The type of kidney cancer I was diagnosed with — medullary renal cell carcinoma — is pretty rare, and most of the other treatment centers I contacted said they had no experience with it. They also told me to find a place offering clinical trials, which MD Anderson does.
When I discovered that Dr. Tannir worked at MD Anderson, I reached out by email to schedule an appointment. Not only did he have experience treating my exact type of cancer, but at the time, MD Anderson was one of the only — if not the only — places that was actively conducting research on it.
Fortunately, my kidney cancer treatment worked better than expected, so I never had to join a clinical trial. But it’s comforting to know that I could have, if I’d needed to.
My kidney cancer symptoms
I first learned I had cancer in April 2012. I’d been experiencing pain on the right side of my back and flank over about six months, and it was getting progressively worse. Eventually, it began radiating down into my groin. I also developed a cough that wouldn’t go away and started feeling a burning sensation in my lungs.
I finally went to a local emergency room when I noticed a lot of blood in my urine. The doctors there performed CT scans and found a mass in my right kidney. They suspected it was cancer. Chest X-rays showed that it had already spread to my lungs. I was diagnosed with stage IV kidney cancer.
My kidney cancer treatment
As far as I know, my family does not have a history of cancer, so I was in disbelief. I was only 26 at the time, and I played sports, worked out and was in great shape. I was also rarely sick, so finding out I had kidney cancer was a huge surprise.
I remember feeling kind of scared, too. That was the first time in my life when I couldn’t really defend myself against something threatening. But the knowledge and expertise of everyone at MD Anderson went a long way toward calming my fears. Everyone I encountered was confident, kind and caring.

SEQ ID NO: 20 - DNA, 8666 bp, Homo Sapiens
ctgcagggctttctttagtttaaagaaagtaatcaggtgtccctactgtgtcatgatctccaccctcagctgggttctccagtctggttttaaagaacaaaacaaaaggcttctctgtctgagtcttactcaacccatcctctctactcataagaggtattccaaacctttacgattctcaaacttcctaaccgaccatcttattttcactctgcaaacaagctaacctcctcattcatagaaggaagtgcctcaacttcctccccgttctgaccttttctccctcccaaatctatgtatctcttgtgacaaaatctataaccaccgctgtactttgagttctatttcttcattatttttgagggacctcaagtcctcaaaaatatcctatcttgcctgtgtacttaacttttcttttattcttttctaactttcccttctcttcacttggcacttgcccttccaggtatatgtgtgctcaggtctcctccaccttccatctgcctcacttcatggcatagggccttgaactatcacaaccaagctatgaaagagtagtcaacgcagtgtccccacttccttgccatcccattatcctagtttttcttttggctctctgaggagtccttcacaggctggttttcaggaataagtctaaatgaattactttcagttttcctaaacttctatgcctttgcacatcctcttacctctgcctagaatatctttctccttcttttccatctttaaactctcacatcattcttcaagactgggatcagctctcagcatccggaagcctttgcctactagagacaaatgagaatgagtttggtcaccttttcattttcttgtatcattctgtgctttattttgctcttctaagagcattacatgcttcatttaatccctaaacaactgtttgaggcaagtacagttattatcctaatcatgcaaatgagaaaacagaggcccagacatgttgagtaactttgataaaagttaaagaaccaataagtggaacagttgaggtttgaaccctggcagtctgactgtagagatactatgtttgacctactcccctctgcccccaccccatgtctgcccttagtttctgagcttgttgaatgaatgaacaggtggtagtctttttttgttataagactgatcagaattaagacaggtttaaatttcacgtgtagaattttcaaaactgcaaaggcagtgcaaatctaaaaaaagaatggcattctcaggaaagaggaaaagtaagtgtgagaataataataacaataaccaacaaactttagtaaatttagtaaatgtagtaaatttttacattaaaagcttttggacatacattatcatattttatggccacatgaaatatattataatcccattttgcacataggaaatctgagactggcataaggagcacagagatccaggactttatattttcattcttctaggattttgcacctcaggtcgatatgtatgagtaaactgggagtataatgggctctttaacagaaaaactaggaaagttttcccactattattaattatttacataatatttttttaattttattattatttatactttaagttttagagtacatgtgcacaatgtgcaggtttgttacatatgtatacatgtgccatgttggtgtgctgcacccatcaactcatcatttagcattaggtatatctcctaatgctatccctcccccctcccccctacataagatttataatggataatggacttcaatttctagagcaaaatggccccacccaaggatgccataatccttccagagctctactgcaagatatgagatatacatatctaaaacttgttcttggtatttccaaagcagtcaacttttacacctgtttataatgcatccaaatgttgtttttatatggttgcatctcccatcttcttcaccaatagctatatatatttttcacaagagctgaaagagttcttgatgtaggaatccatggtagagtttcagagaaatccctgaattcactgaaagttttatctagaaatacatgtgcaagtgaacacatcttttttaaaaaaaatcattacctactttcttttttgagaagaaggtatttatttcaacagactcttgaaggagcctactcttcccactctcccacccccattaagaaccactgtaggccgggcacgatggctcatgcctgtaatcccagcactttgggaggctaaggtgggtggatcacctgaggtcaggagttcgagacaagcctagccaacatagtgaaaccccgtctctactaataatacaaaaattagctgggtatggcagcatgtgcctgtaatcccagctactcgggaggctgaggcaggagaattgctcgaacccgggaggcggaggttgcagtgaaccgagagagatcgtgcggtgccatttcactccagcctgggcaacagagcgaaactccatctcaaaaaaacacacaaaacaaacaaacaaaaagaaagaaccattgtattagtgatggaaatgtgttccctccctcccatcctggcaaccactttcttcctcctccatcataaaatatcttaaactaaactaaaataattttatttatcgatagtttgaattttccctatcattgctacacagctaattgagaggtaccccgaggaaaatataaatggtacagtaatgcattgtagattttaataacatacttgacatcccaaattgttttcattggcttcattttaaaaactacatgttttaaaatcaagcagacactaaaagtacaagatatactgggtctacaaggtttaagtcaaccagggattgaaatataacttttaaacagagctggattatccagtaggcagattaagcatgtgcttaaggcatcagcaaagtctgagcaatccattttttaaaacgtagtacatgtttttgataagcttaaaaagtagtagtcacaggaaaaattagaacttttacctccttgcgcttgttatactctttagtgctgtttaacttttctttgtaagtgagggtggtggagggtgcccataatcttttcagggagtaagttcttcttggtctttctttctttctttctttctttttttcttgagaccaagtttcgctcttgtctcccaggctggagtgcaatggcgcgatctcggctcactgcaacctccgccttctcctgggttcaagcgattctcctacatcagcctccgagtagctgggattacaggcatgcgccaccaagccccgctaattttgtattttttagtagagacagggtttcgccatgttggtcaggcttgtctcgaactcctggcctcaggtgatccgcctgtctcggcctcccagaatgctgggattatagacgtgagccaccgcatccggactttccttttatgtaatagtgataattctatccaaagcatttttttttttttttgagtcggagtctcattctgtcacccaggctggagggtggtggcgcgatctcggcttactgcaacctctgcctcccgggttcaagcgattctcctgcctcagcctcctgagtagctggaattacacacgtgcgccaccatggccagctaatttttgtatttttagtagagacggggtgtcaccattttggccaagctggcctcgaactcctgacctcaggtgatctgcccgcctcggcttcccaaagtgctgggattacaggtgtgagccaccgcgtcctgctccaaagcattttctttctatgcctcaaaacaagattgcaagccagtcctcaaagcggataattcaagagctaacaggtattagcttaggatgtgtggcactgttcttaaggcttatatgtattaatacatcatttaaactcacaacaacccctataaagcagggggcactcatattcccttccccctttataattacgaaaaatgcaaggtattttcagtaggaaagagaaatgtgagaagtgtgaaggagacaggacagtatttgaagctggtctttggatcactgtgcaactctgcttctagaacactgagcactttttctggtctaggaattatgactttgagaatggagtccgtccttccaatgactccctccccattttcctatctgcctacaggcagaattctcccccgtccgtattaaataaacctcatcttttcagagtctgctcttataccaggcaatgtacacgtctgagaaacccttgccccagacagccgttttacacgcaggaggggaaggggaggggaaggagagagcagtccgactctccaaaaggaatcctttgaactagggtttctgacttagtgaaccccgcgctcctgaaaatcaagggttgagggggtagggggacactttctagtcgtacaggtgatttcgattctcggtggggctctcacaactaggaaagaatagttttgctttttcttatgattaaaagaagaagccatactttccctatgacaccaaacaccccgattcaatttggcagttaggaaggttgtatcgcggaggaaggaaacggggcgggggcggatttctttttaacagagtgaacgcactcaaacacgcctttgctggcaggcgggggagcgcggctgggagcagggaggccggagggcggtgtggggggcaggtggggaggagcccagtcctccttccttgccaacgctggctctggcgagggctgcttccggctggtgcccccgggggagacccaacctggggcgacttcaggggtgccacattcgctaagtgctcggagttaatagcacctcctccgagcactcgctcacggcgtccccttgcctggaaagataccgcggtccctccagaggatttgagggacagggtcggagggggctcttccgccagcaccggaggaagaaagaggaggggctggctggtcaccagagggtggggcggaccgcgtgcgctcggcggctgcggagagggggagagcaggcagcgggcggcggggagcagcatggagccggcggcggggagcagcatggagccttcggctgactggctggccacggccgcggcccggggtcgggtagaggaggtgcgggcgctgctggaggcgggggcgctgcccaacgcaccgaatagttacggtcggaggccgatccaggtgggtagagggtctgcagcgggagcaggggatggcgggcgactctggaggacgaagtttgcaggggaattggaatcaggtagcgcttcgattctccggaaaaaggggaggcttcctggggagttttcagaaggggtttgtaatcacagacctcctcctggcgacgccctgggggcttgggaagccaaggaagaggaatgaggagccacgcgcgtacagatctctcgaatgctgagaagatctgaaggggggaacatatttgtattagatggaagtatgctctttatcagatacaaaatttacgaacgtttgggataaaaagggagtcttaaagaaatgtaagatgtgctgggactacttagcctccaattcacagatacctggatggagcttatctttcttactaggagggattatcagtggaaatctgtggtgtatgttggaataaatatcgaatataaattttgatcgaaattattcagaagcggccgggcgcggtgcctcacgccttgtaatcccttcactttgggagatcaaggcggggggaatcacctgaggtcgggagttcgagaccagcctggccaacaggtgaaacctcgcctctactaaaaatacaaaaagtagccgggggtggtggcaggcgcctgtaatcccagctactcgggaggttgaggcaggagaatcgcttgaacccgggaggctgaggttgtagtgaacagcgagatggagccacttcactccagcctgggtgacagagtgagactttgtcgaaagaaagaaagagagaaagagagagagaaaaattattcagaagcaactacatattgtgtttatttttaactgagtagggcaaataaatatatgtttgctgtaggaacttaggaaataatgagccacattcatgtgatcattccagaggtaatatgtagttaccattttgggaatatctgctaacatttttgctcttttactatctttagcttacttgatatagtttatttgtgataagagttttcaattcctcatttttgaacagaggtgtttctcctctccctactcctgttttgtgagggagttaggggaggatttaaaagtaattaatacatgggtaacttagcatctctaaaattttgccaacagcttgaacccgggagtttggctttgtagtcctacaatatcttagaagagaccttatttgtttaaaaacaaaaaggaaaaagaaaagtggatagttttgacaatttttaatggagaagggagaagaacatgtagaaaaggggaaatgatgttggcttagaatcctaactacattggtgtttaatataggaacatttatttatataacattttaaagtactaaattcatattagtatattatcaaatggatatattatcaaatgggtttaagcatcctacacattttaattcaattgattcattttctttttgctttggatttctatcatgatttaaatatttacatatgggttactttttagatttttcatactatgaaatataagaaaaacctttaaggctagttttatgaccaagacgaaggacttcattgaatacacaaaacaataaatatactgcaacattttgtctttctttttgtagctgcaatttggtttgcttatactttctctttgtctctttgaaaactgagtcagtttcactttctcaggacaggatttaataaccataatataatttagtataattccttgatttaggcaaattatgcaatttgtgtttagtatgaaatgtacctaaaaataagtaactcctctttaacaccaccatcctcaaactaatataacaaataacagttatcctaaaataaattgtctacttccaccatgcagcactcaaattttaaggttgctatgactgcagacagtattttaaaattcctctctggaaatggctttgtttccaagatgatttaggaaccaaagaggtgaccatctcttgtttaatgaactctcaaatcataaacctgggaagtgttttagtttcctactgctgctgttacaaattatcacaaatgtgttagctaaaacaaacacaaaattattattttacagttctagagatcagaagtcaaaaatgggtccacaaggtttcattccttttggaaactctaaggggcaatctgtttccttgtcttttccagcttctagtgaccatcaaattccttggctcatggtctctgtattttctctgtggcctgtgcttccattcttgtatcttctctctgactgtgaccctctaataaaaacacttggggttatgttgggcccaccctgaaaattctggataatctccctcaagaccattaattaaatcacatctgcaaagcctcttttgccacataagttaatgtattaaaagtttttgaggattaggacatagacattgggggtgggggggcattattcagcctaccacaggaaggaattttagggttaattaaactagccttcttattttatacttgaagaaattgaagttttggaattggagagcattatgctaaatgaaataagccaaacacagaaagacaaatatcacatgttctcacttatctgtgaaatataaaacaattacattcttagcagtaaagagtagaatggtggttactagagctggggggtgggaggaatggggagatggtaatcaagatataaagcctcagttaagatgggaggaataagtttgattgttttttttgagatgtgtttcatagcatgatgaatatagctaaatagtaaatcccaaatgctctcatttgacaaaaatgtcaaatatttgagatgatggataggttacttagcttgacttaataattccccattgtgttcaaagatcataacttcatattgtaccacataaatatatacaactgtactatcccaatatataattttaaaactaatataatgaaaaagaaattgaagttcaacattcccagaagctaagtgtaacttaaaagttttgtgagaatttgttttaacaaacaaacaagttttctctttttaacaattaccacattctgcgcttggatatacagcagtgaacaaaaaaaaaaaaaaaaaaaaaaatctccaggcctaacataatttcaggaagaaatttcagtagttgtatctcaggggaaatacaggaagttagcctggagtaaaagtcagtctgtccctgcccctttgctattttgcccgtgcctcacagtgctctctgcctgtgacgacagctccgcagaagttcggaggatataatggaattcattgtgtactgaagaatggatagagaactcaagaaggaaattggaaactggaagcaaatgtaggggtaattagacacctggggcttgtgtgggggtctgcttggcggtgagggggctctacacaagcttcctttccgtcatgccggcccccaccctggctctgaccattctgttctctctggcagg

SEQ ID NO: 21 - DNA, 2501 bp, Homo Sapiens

To treat my kidney cancer, Dr. Tannir recommended six rounds of intravenous chemotherapy followed by surgery. Dr. José Karam removed the tumor, my right kidney and some adjacent lymph nodes in October 2012. Thankfully, none of the nodes showed evidence of cancer, but the cancer showed back up in my lungs just one month after the surgery.
I tried a pill form of chemo first to treat it, but after a few months, it became clear that wasn’t working, so I switched back to an IV regimen.
I finally finished treatment in 2014, and I’ve been in remission ever since. Now I only return to MD Anderson every six months for a check-up.
My life after kidney cancer
I’m still trying to adapt to life after cancer. I have some residual neuropathy in my feet, so my toes still feel slightly numb. My energy level also isn’t exactly back to where it used to be, but it’s better. And with only one kidney, I also have to be very aware of my blood pressure, so I can’t really participate in any contact sports. But I can still do most of the things that I used to do, so I’m grateful.
Today, I tell people not to try to explain away or dismiss any symptoms they might be having. Initially, I told myself my back pain was due to my mattress, but deep inside, I knew something was wrong. If I’d gone to the doctor when I first started having problems, I might have caught the cancer before it spread. So, don’t delay seeing a doctor if you think something’s wrong. You know your body better than anyone else.
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